If you think Pinterest is all about recipes, redecorating, and Ryan Reynolds you are in for a big surprise. Pinterest houses an absolute wealth of teaching resources, many of which are free. If you are willing to do a bit of investigation, you can find great lessons, classroom management ideas, and even pedagogical methodology. Below, you’ll find some tips to help you recognize those teachable moments in this massive collection of information.
Pinning Tips for Teachers
1. The more boards, the merrier. When you organize your teaching boards, you’ll find it helpful to categorize them. I’m a high school English teacher. My school-related boards include English Teacher, Teach Literature, Teach Grammar Time, Teach Creative Writing, Yearbook Design, and Quipping in Class. Multiple categories help me to quickly find the topics I need.
2. Look well beyond the Education category search. I’ve found that this category tends to be heavy on elementary/middle school topics. Although I occasionally find worthy pins while cruising this category, I find the majority of information in other categories, such as the video and geek areas.
3. Let there be method to the madness. Create a systematic approach for pin-searching/pinning/filing. Don’t pigeonhole your thinking. I’ve found terrific resources for creative writing in the art category. I spend about 30 minutes each morning pinning while I drink my coffee. I begin by scrolling the pins of people I follow, then move to the popular pins tab. After that, I work my way through the categories tab. I rotate all the way through the pre-selected categories about once a week. Saturday mornings I like to work my boards. I’ll explain that next.
4. Work your boards. So, you find a great looking idea and pin it. Then, what? I take an hour or two each Saturday morning before the family’s up and stirring (I get up with the chickens every day) to explore what I pinned earlier in the week in-depth. This is the time I actually link up and look beyond that snapshot first impression. If it’s a viable classroom idea, I print it and file it into the appropriate notebook. I’ve been an avid notebooker since about 4th grade. Some habits never die! You could also save the webpage on your computer. I have found that pins don’t always stay “live”. If you want the information, you’d best store it while the storing is good.
5. Check those peripherals. When you’re actually visiting a webpage or blog to snag that great teaching technique, be sure to look at suggested links and the archives. I have found terrific resources I would never have thought to look for just by scanning what else is going on at a webpage.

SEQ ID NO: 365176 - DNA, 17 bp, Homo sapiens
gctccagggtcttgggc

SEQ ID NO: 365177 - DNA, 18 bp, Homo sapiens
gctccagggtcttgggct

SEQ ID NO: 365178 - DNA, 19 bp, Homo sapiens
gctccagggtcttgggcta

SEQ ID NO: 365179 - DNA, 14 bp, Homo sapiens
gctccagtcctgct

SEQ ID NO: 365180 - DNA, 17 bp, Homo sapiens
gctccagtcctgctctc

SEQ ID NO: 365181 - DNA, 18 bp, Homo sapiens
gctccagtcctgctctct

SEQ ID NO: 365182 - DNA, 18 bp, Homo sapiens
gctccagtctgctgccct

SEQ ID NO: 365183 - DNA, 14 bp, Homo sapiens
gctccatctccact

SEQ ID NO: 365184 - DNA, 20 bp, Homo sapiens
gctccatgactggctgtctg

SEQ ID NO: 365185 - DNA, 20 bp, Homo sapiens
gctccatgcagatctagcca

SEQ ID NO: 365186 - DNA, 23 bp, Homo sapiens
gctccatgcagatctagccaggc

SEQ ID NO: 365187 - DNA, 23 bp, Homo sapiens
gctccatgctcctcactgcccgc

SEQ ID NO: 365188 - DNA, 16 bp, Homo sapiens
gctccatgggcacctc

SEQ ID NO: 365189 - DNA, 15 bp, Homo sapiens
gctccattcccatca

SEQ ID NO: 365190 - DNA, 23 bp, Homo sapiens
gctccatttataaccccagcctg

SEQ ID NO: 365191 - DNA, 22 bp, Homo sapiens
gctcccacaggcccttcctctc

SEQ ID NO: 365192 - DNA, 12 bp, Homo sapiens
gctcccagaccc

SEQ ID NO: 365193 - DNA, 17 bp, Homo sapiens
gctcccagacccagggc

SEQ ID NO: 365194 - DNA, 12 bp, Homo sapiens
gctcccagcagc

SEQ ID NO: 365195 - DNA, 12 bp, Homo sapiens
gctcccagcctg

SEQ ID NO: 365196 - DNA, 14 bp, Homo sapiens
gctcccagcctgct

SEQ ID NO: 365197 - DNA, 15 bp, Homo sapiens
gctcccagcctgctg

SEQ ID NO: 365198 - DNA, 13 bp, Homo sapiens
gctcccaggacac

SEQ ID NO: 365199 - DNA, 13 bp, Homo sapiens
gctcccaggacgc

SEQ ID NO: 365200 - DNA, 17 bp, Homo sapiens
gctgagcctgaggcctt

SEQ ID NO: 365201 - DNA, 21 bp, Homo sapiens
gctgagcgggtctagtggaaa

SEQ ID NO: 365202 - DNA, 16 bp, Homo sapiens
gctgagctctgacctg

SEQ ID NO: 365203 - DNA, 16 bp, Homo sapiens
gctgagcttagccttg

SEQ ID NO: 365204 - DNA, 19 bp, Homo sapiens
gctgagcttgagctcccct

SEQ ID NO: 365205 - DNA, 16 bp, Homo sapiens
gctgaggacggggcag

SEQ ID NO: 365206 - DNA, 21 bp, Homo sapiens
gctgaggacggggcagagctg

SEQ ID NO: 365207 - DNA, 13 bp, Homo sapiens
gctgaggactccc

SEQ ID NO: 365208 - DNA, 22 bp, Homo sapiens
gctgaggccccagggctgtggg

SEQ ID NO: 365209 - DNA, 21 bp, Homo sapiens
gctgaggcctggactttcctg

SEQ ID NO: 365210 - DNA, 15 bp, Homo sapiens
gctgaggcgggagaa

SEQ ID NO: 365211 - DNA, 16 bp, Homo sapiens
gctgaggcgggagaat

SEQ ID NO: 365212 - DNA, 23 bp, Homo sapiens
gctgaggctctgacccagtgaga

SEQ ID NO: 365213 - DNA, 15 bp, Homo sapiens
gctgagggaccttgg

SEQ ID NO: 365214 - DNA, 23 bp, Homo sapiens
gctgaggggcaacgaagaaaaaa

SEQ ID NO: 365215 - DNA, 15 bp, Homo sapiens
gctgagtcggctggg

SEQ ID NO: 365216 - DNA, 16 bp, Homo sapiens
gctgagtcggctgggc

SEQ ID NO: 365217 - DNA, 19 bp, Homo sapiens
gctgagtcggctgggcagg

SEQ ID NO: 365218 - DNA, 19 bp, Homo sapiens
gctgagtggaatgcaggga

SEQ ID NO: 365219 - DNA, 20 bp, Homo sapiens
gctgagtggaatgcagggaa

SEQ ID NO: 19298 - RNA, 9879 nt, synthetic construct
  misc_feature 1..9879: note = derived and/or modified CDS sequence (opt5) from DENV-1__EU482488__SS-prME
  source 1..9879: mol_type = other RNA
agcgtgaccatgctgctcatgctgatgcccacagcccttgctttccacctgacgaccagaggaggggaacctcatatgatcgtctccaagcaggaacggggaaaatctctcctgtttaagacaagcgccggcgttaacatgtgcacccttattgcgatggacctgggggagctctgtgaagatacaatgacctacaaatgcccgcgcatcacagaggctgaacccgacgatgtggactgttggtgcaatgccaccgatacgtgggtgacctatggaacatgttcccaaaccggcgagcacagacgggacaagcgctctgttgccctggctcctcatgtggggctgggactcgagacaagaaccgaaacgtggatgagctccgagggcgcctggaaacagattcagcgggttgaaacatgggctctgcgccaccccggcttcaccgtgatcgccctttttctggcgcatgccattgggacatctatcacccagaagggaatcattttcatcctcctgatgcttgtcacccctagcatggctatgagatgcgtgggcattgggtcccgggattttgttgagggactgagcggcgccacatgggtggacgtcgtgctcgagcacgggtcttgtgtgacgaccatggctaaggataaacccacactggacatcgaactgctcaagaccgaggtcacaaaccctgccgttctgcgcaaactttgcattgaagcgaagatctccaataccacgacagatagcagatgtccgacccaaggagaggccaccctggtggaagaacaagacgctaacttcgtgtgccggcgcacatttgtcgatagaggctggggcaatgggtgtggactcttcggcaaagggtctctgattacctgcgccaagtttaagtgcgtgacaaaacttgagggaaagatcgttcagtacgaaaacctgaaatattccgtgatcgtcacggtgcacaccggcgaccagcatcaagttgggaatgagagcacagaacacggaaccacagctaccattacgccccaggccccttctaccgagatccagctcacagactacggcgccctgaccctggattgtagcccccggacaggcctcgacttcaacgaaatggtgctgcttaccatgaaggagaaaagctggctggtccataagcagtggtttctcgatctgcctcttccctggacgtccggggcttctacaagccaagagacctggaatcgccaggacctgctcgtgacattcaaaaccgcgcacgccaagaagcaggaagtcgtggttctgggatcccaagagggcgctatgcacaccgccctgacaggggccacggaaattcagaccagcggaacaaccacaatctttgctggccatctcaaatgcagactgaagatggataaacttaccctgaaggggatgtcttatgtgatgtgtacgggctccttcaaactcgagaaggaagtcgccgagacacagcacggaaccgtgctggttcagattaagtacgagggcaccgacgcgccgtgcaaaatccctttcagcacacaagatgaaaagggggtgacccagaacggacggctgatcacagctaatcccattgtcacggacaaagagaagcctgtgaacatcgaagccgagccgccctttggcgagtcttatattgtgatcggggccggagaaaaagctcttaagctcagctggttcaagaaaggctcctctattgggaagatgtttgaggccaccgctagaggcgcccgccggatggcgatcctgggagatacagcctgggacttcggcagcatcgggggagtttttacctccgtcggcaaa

6. Run a specific search. Looking for a fresh approach to, say, Hemingway? Type in a specific search in the search field. You’ll be pleasantly surprised by how many other folks across the world have been thinking about and pinning about Papa H.
7. Follow the leader. As you get into pinning for the express purpose of finding teaching resources, you’ll start to recognize some names of active pinners. When you find someone whose pins “speak to you”, click on his/her name and take a peek at the boards. You can follow their entire pinning life or just the boards that interest you. This is like having an entire research team working for your interests!
8. Maintain control of your boards. Beware of allowing others to pin onto your boards. This opens the door for advertisers/pin hacks to bombard your collection with pins you really don’t want. Go grab all the pins you’d like, and follow as many people as makes you comfortable, but keep your boards YOUR boards.
9. Cut the status updates. Just like no one on your social network of choice really cares that you are at the gym or that you just ate a plate of spaghetti, there’s no real need for a status update every time you find a pin. Your pin will automatically appear on the home page of pinners who follow you just like the pins of people you follow appear on your Pinterest home page.
10. Use it, adapt it. Give that great idea a go in your classroom. Don’t worry about getting it just like it says on the pin. Adapt the idea of the pin to fit your classroom climate. You can add your own panache to any pin you find.
Pinning for the classroom is all about tweaking your teaching techniques to make them even better. Pinterest has allowed teachers access to each other’s classes in a way that is highly effective, personalized, and succinct. No longer are best practices forums relegated to staff meetings and inservices.
Don’t already have an account? This article will show you how to set one up and begin pinning. What better way to improve instruction by seeing it in action? Pin on, teacher!